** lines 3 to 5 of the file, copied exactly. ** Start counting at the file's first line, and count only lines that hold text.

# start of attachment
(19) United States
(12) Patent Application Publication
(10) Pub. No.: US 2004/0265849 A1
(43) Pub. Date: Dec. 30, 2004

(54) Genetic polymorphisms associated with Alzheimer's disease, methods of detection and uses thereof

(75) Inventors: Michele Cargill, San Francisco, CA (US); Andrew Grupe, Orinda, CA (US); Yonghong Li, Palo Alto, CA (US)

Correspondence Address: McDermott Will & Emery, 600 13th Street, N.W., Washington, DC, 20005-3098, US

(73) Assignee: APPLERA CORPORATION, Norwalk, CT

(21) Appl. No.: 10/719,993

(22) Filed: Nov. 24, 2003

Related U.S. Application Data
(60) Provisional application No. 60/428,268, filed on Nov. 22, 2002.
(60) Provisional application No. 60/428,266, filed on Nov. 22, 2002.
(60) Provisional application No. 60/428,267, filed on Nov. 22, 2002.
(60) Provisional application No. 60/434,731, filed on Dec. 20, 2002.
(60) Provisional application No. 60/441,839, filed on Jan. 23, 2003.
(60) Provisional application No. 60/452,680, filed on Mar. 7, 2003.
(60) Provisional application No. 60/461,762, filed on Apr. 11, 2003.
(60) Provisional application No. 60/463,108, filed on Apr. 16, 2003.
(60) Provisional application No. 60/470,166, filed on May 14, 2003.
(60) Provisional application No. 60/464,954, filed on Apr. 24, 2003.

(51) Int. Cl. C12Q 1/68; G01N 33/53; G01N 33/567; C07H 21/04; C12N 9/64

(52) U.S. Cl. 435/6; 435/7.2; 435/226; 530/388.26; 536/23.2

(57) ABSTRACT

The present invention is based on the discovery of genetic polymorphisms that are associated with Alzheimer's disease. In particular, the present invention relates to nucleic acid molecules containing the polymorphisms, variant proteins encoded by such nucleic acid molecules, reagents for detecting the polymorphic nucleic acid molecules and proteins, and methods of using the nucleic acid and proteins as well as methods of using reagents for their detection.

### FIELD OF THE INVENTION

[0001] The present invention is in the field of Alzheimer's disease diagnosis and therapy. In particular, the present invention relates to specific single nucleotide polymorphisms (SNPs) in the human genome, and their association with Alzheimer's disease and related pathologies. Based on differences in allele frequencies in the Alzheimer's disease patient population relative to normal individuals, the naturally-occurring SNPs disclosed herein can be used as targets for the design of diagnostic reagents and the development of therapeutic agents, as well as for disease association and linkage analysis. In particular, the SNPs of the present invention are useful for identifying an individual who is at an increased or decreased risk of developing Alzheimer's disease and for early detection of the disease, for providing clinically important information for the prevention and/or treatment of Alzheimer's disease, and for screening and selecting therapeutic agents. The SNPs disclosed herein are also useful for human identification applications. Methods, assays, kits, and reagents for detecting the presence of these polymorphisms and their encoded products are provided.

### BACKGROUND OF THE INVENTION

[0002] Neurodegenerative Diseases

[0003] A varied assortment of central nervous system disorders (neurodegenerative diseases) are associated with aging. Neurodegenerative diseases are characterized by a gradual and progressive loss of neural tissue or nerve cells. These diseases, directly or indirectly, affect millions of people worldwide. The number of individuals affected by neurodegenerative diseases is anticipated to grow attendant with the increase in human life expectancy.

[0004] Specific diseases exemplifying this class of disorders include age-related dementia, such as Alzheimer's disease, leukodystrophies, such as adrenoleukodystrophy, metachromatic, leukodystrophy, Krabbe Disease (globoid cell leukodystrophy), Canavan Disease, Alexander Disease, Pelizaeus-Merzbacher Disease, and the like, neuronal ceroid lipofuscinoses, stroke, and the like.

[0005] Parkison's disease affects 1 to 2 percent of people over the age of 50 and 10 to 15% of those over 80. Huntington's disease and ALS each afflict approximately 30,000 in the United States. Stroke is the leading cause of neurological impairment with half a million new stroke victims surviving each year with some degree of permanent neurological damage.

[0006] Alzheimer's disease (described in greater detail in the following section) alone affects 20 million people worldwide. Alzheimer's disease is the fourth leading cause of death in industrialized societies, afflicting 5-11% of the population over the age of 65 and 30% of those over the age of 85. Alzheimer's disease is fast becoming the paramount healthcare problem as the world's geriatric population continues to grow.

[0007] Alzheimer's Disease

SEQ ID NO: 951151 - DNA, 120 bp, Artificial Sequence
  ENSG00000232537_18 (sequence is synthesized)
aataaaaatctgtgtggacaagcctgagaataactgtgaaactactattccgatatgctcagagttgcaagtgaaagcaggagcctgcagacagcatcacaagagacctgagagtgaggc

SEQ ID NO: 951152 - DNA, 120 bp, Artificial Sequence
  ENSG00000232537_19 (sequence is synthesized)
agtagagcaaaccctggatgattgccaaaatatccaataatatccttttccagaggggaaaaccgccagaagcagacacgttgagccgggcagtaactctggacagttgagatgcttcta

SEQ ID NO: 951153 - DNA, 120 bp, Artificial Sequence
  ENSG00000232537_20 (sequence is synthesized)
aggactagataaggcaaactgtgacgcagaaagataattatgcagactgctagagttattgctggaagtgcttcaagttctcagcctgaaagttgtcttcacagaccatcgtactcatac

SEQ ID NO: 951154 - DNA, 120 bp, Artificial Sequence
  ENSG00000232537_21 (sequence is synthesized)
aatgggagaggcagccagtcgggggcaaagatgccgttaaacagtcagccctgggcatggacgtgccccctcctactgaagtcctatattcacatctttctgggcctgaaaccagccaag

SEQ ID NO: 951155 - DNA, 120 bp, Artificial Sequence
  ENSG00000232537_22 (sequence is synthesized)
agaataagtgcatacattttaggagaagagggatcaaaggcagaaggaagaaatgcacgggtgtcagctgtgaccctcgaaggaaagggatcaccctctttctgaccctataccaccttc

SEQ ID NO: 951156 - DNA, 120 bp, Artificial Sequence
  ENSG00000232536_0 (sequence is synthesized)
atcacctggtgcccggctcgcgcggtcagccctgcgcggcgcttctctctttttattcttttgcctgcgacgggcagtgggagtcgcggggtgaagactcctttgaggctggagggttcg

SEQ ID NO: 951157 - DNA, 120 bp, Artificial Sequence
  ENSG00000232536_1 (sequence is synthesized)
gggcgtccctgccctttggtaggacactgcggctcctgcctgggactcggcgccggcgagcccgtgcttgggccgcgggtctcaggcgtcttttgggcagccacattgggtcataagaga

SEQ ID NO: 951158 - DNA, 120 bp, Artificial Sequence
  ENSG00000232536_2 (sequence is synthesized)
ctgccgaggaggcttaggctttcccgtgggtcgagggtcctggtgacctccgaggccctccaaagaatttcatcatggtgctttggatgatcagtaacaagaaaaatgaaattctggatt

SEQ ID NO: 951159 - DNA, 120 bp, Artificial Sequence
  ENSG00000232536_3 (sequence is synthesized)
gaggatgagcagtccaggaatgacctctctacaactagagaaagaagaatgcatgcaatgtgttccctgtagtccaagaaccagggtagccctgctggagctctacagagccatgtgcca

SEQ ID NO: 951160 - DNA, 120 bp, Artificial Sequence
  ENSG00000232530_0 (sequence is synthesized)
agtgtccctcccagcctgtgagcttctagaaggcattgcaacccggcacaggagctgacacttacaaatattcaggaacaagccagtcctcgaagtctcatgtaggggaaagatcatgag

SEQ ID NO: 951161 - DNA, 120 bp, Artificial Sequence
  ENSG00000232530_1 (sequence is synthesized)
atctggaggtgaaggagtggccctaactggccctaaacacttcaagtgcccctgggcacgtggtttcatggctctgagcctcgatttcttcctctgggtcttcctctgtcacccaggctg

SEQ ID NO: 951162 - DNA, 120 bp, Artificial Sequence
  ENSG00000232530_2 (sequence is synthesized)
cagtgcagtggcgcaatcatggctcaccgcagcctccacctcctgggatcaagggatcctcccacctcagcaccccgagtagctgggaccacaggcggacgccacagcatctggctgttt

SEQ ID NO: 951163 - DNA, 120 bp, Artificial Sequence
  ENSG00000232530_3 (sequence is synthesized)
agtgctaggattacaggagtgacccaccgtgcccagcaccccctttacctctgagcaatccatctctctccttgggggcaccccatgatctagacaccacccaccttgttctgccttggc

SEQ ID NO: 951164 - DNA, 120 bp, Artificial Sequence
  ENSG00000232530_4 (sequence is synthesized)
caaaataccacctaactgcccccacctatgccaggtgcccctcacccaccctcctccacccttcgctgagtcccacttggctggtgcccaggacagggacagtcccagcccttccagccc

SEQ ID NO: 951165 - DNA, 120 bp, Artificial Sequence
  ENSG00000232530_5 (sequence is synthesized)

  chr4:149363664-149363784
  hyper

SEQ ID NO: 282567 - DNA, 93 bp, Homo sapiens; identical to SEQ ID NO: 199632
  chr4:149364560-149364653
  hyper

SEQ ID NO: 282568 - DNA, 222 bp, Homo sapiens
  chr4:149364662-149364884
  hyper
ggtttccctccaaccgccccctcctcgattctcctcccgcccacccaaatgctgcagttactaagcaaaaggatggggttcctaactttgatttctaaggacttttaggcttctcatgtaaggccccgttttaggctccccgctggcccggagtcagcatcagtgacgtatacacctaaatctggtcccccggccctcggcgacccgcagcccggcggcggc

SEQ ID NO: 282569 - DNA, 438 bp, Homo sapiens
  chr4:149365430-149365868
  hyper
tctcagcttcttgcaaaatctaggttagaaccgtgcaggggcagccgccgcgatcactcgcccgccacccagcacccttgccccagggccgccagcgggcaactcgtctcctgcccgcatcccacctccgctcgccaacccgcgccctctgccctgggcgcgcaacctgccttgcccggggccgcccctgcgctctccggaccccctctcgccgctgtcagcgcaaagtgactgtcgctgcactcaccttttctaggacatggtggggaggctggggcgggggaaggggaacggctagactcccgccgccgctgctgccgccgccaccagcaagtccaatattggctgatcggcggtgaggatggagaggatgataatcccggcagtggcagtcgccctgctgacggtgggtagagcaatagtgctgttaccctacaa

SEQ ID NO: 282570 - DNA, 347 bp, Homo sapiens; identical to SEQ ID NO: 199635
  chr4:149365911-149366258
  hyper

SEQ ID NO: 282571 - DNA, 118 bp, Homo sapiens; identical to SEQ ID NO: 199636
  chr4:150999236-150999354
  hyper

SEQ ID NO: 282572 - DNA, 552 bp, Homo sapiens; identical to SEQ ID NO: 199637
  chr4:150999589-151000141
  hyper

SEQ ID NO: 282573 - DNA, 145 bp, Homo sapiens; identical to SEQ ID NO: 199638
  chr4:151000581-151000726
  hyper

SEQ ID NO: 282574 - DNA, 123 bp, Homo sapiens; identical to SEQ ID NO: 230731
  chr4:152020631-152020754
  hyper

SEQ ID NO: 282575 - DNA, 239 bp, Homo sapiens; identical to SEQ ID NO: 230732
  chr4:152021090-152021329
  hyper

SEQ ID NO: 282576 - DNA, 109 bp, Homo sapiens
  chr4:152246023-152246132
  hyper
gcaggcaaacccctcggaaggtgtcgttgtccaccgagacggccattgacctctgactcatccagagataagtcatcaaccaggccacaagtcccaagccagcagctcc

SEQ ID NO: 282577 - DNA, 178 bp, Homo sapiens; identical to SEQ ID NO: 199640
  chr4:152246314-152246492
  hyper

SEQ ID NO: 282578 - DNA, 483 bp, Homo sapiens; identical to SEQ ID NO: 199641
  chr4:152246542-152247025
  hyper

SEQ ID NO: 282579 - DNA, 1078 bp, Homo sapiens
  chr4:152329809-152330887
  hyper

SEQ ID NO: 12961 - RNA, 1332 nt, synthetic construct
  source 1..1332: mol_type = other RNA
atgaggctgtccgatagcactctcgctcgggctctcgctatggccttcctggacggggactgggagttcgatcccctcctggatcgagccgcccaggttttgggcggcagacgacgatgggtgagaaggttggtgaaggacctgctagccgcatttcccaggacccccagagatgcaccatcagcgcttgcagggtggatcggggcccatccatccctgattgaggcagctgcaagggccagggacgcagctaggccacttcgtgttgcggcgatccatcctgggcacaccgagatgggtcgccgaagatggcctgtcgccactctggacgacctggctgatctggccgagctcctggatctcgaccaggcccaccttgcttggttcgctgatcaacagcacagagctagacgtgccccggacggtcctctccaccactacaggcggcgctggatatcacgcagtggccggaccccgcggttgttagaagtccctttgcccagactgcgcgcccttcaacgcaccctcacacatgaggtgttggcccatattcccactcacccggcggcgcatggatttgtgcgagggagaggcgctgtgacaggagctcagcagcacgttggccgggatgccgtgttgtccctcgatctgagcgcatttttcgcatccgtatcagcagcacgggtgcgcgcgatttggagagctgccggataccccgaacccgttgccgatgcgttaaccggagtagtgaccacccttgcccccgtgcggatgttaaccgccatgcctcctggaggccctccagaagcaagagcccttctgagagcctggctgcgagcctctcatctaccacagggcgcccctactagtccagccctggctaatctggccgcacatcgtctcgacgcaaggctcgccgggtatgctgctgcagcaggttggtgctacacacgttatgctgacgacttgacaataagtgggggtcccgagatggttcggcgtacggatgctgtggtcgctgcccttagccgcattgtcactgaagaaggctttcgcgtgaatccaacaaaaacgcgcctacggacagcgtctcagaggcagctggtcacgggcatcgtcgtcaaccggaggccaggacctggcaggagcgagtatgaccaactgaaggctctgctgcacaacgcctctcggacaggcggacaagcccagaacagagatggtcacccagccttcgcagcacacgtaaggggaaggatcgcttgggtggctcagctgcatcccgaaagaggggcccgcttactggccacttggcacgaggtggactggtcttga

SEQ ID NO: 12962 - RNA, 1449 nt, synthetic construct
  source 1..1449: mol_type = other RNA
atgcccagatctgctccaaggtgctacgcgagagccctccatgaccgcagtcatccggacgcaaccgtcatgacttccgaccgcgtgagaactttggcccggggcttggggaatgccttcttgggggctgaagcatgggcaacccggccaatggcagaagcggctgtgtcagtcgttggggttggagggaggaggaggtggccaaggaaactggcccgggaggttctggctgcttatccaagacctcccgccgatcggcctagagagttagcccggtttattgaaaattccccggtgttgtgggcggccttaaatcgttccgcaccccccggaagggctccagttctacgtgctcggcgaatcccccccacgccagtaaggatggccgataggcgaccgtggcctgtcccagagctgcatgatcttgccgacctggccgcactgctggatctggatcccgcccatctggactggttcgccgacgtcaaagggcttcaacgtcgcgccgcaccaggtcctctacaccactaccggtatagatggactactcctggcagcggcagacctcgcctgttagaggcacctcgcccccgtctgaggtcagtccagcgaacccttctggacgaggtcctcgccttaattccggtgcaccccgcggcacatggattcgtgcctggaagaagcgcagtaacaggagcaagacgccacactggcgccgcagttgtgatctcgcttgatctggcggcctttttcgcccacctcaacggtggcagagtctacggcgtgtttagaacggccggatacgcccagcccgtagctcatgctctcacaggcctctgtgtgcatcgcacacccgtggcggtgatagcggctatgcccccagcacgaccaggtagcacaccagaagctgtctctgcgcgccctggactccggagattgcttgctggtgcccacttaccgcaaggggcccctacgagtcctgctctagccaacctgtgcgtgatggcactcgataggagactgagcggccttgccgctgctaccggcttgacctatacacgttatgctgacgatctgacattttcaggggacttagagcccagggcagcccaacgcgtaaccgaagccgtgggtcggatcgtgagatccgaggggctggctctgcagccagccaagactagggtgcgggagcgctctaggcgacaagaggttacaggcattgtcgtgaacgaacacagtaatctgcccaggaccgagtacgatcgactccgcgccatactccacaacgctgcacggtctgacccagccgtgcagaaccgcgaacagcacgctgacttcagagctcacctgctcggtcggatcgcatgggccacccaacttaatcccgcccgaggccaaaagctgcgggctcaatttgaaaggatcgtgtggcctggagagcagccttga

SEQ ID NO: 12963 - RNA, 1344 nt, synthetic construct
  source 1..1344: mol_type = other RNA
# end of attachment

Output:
(10) Pub. No.: US 2004/0265849 A1
(43) Pub. Date: Dec. 30, 2004

(54) Genetic polymorphisms associated with Alzheimer's disease, methods of detection and uses thereof